Principles of Mining: Valuation, Organization and Administration; Copper, Gold, Lead, Silver, Tin and Zinc. by Herbert C. Hoover

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McGraw-Hill Book Company, 1909 - Mines and mineral resources - 199 pages

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Page 167 - In these days of largely corporate proprietorship, the owners of mines are guided in their relations with labor by engineers occupying executive positions. On them falls the responsibility in such matters, and the engineer becomes thus a buffer between labor and capital.
Page 168 - Given a union with leaders who can control the members, and who are disposed to approach differences in a business spirit, there are few sounder positions for the employer, for agreements honorably carried out dismiss the constant harassments of possible strikes. Such unions exist in dozens of trades in this country, and they are entitled to greater recognition. The time when the employer could ride roughshod over his labor is disappearing with the doctrine of laissez fairc, on which it was founded....
Page 168 - The sooner some miners' unions develop from the first into the second stage, the more speedily will their organizations secure general respect and influence. "The crying need of labor unions, and of some employers as well, is education on a fundamental of economics too long disregarded by all classes and especially by the academic economist. 'When the latter abandon the theory that wages are the result of supply and demand, and recognize that in these days of international flow of labor, commodities...
Page 182 - Mr. HC Hoover has tabulated the risks of mining as follows.:* " 1. The risk of continuity in metal contents beyond the sample faces. " 2. The risk of continuity in volume through the blocks estimated. 3. The risk of successful metallurgical treatment. ; 4. The risk of metal prices, in all but gold. 5. The risk of properly estimating costs. ' 6. The risk of extension of the ore beyond exposures.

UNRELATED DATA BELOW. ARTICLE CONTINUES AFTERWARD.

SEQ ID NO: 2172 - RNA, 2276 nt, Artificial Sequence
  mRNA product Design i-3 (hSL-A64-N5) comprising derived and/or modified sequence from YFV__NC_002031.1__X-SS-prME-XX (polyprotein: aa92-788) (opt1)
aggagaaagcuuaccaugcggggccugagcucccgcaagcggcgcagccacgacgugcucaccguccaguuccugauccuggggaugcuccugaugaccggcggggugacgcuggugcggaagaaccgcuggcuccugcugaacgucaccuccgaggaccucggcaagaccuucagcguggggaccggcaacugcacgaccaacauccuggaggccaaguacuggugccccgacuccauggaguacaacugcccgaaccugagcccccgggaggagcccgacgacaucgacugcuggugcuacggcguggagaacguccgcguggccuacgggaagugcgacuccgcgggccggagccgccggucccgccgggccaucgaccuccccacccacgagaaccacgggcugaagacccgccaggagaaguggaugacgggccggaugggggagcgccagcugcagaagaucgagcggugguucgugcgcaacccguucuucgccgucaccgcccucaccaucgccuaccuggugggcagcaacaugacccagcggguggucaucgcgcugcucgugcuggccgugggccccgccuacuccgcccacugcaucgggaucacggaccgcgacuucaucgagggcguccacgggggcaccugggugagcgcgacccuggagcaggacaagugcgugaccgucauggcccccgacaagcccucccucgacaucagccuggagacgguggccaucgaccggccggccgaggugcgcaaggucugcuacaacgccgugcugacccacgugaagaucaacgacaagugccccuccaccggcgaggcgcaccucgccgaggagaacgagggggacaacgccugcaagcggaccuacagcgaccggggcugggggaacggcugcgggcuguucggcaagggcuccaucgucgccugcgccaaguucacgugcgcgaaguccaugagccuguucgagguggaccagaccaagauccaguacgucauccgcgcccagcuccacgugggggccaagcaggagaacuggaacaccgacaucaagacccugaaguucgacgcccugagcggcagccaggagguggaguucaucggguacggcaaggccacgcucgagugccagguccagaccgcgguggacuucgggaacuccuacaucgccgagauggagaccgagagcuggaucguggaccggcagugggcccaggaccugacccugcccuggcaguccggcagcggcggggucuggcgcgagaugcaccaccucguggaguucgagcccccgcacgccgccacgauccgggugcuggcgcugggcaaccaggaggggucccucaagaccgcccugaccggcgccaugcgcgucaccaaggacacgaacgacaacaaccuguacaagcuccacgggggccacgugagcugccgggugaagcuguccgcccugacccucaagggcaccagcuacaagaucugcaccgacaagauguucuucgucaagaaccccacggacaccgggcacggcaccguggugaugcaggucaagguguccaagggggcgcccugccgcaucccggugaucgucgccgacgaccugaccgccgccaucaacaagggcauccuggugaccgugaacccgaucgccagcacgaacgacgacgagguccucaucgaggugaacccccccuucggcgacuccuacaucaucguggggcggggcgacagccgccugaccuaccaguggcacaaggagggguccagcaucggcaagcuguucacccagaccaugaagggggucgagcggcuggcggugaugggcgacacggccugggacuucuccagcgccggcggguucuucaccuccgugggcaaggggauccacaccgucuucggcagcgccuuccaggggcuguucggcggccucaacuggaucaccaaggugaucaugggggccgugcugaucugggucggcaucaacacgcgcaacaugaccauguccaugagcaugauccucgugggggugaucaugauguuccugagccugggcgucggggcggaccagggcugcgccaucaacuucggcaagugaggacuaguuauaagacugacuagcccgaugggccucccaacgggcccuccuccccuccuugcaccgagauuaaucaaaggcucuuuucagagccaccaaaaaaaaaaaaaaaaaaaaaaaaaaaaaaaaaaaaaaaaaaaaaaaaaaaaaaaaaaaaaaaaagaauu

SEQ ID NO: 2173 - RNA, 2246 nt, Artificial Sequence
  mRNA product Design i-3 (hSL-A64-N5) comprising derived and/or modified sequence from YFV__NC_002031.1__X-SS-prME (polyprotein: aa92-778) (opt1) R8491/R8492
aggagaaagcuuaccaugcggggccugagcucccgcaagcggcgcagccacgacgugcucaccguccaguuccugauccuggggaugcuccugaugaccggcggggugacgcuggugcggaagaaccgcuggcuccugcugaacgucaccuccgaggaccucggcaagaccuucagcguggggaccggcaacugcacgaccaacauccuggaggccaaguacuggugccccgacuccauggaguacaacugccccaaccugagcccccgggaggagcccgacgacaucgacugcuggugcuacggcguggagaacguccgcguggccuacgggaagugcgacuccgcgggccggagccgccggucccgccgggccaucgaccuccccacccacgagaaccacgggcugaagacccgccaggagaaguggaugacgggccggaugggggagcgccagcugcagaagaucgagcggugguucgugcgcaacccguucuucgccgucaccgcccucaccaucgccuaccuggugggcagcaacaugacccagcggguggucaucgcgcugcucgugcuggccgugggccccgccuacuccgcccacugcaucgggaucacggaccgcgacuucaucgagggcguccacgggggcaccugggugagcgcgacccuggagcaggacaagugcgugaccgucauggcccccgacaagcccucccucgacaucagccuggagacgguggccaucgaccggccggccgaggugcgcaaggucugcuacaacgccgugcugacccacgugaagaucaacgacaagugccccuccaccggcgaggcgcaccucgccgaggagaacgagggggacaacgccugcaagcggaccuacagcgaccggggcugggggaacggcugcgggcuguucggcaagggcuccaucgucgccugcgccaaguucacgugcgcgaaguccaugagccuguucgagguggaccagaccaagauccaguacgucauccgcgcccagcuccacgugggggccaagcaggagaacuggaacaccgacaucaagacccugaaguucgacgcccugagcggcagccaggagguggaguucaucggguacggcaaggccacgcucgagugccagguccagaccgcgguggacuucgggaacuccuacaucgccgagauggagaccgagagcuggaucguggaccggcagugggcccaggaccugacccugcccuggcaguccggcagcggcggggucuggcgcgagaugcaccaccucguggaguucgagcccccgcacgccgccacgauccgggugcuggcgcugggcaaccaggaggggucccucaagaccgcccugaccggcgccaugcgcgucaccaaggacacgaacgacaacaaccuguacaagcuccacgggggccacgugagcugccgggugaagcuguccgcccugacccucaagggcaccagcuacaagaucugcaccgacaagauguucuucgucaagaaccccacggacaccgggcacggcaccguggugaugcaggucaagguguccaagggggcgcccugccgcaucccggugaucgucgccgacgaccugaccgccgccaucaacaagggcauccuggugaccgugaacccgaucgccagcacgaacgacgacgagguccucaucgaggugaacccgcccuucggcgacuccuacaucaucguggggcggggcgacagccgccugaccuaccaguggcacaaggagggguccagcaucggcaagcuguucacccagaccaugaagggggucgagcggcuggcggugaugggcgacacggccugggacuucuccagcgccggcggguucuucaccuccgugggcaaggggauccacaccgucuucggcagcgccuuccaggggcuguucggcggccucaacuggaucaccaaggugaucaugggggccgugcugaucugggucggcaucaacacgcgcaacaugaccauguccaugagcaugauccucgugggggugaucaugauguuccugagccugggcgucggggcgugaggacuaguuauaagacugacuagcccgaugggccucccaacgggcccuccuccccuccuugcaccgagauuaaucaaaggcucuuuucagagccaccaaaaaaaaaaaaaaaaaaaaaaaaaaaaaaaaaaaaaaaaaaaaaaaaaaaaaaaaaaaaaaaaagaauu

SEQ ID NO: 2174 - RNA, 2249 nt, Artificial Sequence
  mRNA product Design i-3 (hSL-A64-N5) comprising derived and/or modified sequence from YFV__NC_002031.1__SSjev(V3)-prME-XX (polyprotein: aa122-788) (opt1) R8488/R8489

Page 19 - Proved ore: Ore where there is practically no risk of failure of continuity. "Probable ore: Ore where there is some risk, yet warrantable justification for assumption of continuity. "Prospective ore: Ore which can not be included in the above classes, nor definitely known or stated in any terms of tonnage.
Page 193 - Unlike the doctor, his is not the constant struggle to save the weak. Unlike the soldier, destruction is not his prime function. Unlike the lawyer, quarrels are not his daily bread. Engineering is the profession of creation and of construction, of stimulation of human effort and accomplishment.
Page 16 - ore in sight" and "profit in sight" have been of late years subject to much malediction on the part of engineers because these expressions have been so badly abused by the charlatans of mining In attempts to cover the flights of their Imaginations. A large part of Volume X of the "Institution of Mining and Metallurgy" has been devoted to heaping infamy on these terms, yet not only have they preaerved their places in professional nomenclature, but nothing has been found to super cede them.
Page 43 - What rate of excess return the mine must yield is a matter of the risks in the venture and the demand of the investor. Mining business is one where 7 per cent above provision for capital return is an absolute minimum demanded by the risks inherent in mines, even where the profit in sight gives warranty to the return of capital.
Page 163 - Australians in mines, leads the writer to the conclusion that, averaging actual results, one white man equals from two to three of the colored races, even in the simplest forms of mine work such as shoveling or tramming.
Page 11 - , where, under the heading of ' Percentage of Error in Estimates from Sampling ' he wrote : value and volume. It is but a basis for an estimate, and an estimate is not a statement of fact. It cannot, therefore, be too forcibly repeated that an estimate is inherently but an approximation, take what care one may in its founding. While it is possible to refine mathematical calculation of averages to almost any nicety, beyond certain essentials it adds nothing to accuracy and is often misleading '. Professor...

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